Add your white chocolate chips and mix together.

Roll into small balls, place on a lined cookie sheet and press down a little until you get small discs.

Bake at 180°C for 10 minutes. Let cool for 5 minutes. Serve.

I’m pretty sure it’s the white chocolate that cancels out the “vegan-ness” of these cookies. There’s milk in there after all. But whatever. I made “vegan” cookies in 20 minutes and made it to work.

The texture is there. Chewy: check. Soft: check. Lemony: check. Honestly, olive oil would have been a fabulous replacement for the canola – and I’ll be remembering that for next time. A really excellent cookie that doesn’t leave me lacking in the cookie comfort department. Everything that a cookie needs to be, they are. Even the husband liked them and didn’t say anything about their lack of eggs and butter. He said, – and I quote – “They were good, I taste lemon.”

Get ready for this weekend. I’m stuffing and roasting quail.

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Today was the first day of the year that it was warm enough to eat on the balcony. I didn’t make anything special for it as it was “leftover day,” trying to get rid of all the random stuff in our fridge to make way for more leftovers. I wish that I could portion things properly – like pasta. I know that I can make food and freeze it, but I have this thing about microwaves…

But I digress.

I had my lunch, which was roasted vegetables, tomato, homemade hummus, a slice of Itchebai cheese, and a hunk of crusty bread. Tomato soup. Crystal Light, courtesy of la famille who toted 6 packs of the stuff across the Atlantic at my request. Definitely a leftover day.

What is Itchebai cheese you ask? Well, it is French. Think cheddar with a Swiss twist.

This Christmas someone gave us a box set of small cookbooks on classic French cuisine by Larousse. What is Larousse? Obviously you’ve never had to buy a French dictionary. I was interested in making some sort of fruity pastry for dessert today and turned to the dessert volume for inspiration.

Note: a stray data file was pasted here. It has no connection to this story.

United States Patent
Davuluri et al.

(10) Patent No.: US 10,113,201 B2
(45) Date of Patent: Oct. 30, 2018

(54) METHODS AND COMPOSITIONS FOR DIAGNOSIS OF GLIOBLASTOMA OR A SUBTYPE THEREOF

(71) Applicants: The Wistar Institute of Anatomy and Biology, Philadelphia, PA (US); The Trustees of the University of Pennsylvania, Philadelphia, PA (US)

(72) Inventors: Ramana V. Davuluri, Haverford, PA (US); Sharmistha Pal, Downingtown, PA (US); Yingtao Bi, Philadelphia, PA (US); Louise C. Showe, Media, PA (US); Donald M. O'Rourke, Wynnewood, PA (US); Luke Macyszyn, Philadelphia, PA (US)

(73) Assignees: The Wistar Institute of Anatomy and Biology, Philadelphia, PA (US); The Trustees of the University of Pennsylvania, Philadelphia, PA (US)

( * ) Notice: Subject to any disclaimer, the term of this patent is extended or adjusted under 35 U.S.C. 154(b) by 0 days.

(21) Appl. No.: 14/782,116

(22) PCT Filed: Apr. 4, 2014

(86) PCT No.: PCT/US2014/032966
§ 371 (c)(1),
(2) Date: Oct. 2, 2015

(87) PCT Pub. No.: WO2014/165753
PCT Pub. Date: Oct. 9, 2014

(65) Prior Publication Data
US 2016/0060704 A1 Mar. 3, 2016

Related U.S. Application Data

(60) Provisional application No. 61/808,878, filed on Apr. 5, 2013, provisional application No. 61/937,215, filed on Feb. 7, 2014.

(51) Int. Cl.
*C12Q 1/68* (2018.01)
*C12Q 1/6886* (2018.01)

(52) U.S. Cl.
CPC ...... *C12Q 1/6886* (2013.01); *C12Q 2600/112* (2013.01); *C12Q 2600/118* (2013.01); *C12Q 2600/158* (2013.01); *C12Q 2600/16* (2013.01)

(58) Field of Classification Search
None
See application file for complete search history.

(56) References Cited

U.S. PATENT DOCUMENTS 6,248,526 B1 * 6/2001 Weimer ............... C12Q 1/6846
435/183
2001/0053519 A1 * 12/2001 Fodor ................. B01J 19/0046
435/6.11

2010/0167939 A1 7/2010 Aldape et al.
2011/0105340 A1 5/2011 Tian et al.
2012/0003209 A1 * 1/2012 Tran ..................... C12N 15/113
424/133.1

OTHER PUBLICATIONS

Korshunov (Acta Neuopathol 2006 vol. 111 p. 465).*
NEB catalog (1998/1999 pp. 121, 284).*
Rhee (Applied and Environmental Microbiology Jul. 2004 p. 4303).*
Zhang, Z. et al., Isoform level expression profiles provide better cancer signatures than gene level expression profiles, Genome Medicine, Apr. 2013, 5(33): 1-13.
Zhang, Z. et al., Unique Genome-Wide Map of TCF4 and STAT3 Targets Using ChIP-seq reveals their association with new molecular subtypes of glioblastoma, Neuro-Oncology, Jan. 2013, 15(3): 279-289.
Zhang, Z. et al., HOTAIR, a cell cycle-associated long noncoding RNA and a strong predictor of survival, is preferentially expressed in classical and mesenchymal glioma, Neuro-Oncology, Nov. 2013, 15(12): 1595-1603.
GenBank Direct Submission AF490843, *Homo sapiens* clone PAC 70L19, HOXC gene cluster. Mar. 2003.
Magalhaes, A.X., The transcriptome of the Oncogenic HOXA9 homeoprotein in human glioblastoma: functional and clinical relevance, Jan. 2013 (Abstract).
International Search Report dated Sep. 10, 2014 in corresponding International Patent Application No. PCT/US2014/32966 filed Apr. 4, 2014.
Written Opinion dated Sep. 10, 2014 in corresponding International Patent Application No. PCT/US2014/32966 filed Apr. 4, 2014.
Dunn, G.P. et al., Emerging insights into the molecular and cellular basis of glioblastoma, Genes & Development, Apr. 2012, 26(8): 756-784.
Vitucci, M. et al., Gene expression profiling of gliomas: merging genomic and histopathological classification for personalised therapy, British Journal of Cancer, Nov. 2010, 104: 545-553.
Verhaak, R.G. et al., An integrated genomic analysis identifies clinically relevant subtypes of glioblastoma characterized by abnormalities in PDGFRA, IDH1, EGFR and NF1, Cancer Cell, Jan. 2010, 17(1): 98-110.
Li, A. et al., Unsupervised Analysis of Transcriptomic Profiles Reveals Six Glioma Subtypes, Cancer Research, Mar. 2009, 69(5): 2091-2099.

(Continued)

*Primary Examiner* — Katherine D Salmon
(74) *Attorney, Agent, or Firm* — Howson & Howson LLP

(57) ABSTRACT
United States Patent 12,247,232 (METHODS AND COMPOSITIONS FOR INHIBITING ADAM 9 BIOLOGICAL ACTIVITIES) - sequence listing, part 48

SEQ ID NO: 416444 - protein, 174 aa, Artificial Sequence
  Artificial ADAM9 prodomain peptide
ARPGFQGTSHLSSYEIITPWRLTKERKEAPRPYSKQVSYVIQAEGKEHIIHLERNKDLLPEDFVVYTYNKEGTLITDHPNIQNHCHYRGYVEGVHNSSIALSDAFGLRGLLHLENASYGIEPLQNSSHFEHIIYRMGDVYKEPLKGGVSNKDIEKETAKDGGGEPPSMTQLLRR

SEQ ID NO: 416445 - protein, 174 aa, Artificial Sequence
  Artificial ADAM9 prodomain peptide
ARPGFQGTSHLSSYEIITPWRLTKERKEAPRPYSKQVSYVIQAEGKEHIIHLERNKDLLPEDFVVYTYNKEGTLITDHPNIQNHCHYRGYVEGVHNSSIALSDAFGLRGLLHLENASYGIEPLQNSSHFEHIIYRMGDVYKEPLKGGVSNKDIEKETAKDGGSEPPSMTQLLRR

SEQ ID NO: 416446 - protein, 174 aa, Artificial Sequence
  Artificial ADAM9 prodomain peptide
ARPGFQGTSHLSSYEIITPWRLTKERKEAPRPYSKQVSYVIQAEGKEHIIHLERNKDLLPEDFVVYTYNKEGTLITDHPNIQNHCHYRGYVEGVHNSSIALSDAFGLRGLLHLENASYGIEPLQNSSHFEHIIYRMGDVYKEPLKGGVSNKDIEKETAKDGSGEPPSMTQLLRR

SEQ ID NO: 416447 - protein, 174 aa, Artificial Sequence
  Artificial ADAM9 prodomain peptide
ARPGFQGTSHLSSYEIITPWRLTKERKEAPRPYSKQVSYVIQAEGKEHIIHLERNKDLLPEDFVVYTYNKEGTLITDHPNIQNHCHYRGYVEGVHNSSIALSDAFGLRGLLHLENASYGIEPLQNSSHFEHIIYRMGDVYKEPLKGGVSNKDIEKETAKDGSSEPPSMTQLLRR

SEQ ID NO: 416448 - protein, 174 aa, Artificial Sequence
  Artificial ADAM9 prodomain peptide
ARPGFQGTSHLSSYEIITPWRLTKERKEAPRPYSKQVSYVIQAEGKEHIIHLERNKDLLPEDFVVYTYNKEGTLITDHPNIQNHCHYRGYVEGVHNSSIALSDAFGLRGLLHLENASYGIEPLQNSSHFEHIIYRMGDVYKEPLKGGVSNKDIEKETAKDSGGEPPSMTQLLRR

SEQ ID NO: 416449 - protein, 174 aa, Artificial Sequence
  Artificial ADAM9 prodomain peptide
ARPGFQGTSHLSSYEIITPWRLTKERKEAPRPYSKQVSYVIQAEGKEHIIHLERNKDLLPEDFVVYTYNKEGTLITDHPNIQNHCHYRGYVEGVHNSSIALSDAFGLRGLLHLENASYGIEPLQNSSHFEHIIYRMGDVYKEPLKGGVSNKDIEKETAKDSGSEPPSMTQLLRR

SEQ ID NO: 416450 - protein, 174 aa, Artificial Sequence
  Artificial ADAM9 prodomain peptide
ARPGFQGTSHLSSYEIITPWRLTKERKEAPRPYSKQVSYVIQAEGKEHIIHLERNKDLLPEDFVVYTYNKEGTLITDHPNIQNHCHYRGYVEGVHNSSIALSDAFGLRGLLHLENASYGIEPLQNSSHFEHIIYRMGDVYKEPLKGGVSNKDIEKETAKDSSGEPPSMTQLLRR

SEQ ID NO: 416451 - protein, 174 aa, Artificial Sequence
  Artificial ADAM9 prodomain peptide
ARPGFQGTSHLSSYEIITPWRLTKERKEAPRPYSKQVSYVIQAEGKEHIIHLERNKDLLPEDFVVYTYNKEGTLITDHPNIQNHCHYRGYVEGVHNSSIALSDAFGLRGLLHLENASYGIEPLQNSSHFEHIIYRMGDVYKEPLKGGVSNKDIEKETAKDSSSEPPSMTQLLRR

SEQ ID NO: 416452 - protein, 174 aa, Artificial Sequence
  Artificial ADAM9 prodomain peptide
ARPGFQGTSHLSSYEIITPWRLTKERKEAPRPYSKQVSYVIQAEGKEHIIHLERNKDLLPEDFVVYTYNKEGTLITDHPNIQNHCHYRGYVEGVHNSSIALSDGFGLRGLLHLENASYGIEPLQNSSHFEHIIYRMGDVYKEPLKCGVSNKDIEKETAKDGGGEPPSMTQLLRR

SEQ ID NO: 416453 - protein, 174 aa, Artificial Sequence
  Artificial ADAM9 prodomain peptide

I’ve seen clafoutis in boulangeries here, in the pastry section, looking rather cake-like and fruity. Normally they are done with prunes or cherries. I had neither in the house, but I do have a package of frozen berries and pineapple. The husband is not a fan of fruits rouges.

While, the ones I saw in the shops looked like cake – clafoutis is rather like a flan that has been thickened with flour. Deceptively cake looking, but not cake like. Though I had seen it, I had never tasted, nor baked it, but there’s a first time for everything and if I’m going to live in France and study French cuisine, I better start cooking.

Clafoutis aux (Fruits Rouges ou Ananas)

Adapted from A l’heure du dessert, Larousse:

  • 150 grams berries*
  • 150 grams pineapple chunks*
  • 3 eggs
  • 70 grams powdered sugar
  • 200 ml milk
  • 30 grams flour

*as I mentioned above, cherries or prunes are the most common fruits added to clafoutis, but use any fruit you like. It’s all good.